Ah, the malaise that a Leah Lucci Original™ can bring into your home. Accept no substitutes.

5 Unpopular Opinions, Illustrated

Like a moldy bridge, the Internet has trolls lurking underneath. Reddit: Unpopular Opinions is a particularly fetid spot for these mouth-breathers. It’s simmering with people ready to spew their most bigoted thoughts in the name of edginess/independence from the norm. 5 examples spotted today (June 14th) include:

“Cultural appropriation is a joke.”

“African Americans are the greatest beneficiaries of slavery.”

“I don’t think grocery stores should provide motorized wheelchairs for disabled customers.”

“Drunk sex is not rape.”

“If you’re a Vet and you’re struggling then you’re not trying.”

Last week (June 7th), here were a few winners… that I decided to go ahead and illustrate:

My favorite: the torture-porn Saw franchise outlines some good parenting strategies. I couldn’t stop laughing at this one.

Strong disagree. Counterargument:


The words “crusty” and “moist” are so obviously worse.

This feels classist? Possibly racist? Definitely shitty — no pun intended.

More like: Fuck that opinion.

Everyone made fun of the Bachelor girl who liked the Olive Garden, but I don’t trust anyone who doesn’t love it.

Monsters. Monsters everywhere.

2018’s Top 5 Books (So Far)!

After the heaving, gasping-for-breath disaster of 2017, I decided to spend 2018 embracing hygge, which involved less time on the Internet and more time reading.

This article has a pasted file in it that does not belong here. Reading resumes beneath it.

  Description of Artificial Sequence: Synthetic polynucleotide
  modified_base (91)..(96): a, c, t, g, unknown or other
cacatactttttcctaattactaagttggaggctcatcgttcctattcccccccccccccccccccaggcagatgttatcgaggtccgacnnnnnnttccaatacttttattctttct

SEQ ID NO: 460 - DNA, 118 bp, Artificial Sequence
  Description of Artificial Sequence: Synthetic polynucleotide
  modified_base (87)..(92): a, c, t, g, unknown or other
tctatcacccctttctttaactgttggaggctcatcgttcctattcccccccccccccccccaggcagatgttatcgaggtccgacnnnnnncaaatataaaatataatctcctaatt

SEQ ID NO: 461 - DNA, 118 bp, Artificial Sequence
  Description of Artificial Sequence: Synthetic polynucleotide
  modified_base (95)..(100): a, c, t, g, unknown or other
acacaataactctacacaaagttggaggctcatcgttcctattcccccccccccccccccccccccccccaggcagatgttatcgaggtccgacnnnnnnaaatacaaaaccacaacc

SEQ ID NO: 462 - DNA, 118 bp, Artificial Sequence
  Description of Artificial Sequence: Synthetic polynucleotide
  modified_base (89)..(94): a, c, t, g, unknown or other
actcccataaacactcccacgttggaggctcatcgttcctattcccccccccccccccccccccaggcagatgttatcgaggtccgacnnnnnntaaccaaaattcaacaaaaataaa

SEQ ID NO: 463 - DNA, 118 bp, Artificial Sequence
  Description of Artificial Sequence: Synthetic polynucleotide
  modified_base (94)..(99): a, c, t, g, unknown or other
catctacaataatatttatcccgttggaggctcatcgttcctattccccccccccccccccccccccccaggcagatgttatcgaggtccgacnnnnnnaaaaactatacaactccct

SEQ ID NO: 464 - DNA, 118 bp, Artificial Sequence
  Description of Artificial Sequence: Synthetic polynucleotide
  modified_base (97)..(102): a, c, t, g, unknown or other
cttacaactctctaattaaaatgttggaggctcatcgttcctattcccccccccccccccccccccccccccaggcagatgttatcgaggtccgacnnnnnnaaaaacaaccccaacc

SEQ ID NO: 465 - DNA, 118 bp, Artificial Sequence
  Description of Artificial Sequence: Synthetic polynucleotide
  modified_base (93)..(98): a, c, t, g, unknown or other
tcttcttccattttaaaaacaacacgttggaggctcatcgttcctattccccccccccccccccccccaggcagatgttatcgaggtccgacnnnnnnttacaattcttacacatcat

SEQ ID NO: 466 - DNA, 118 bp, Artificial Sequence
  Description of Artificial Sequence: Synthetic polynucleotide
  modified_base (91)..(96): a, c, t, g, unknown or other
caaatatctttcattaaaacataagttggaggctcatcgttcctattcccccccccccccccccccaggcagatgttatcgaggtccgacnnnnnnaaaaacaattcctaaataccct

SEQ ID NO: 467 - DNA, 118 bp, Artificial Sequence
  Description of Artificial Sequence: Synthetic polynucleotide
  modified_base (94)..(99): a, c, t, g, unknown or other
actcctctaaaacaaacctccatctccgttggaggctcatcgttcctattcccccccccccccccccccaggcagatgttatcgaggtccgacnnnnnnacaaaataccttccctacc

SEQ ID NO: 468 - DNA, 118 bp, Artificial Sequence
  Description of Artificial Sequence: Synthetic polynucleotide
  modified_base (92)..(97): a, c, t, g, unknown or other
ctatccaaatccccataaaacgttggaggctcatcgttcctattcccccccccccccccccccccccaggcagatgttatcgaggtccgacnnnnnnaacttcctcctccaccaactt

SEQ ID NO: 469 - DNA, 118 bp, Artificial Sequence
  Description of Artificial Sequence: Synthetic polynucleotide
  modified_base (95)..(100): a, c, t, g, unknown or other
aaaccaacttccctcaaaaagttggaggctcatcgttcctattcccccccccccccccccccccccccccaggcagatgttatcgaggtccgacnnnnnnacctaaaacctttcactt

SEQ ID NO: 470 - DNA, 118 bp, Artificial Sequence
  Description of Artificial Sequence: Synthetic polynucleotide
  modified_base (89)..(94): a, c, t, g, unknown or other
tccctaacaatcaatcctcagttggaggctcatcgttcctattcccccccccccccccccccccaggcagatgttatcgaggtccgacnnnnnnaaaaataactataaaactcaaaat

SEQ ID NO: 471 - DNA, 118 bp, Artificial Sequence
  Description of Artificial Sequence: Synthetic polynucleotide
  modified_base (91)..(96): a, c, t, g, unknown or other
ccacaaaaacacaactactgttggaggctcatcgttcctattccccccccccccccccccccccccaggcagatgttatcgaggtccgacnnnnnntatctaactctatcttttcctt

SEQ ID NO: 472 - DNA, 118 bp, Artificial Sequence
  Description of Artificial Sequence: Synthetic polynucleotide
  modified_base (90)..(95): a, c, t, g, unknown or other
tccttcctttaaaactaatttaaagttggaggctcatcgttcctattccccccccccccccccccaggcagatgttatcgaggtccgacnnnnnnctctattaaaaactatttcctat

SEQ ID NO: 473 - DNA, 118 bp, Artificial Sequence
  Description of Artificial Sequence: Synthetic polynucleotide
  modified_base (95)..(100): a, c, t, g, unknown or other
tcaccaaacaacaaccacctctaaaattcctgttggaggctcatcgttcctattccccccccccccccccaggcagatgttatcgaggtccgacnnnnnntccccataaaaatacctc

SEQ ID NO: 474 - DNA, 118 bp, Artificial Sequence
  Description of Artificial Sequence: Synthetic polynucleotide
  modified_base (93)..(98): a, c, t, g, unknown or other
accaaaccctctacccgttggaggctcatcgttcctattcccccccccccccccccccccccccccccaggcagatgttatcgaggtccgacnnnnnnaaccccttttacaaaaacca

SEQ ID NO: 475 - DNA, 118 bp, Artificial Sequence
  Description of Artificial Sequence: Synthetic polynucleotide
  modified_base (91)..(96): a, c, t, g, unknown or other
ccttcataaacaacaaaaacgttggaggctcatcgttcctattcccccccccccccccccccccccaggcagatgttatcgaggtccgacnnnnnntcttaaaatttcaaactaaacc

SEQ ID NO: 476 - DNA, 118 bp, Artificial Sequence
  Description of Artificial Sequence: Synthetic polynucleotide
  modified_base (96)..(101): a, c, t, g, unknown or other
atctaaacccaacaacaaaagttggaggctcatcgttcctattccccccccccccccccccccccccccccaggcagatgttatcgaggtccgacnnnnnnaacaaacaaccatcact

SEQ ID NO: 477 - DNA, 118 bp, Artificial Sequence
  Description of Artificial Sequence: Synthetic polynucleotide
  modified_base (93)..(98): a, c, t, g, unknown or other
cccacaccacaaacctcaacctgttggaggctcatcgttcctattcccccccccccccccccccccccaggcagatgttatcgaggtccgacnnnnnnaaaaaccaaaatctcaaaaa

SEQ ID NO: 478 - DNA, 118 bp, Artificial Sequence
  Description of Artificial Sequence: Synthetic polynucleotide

The downside was fewer blog posts, which I’ve realized I missed writing. So let’s combine reading & writing, and talk about my top 5 reads of the year so far, out of the 26 I’ve read in 2018. (Wait, 26? Yep.)

Without further ado…

Jo Walton, Starlings

This short story collection contains: sentient AI, sentient mirrors, magically sharing pain with family members, nursing home biddies, Jesus clones, gravity-free ballet, and some poetry at the end I didn’t read

Daryl Gregory, Spoonbenders

This novel contains: Dysfunctional family, time travel, gambling, “fake” psychics who are real psychics, “real” psychics who are fake psychics, a magic ray, astral projection, and a character who keeps digging holes in the backyard for no apparent reason

Helen Oyeyemi, What Is Not Yours Is Not Yours

This short story collection contains: Mysterious keys, lesbians, constellation tattoos, a puppetry school, a celebrity bad boy, artists, library love, & witchcraft that works

Dan Harris, Meditation for Fidgety Skeptics

This book contains: A non-pretentious, non-religious sass mouth; the mellowest dude you’ve ever met; a bus tour; easy advice for beginners; and a conversational tone

KC Archer, School for Psychics

This novel contains: a school for psychics that is NOT Harry-Potter-like, gambling, law enforcement training, betrayal, secret societies

As you can see, I mostly like the idea of magic & the mind. Even meditation is a sort of metaphysical thing where you’re using your mind to change the world.

When I read a book that has zero magic or science fiction* in it, I honestly get a little disappointed.

*The line between “magic” and “science fiction” seems to be narrowing as technology progresses. I have no idea how my car, the Internet, or my phone works. They might as well be made by sorcerers.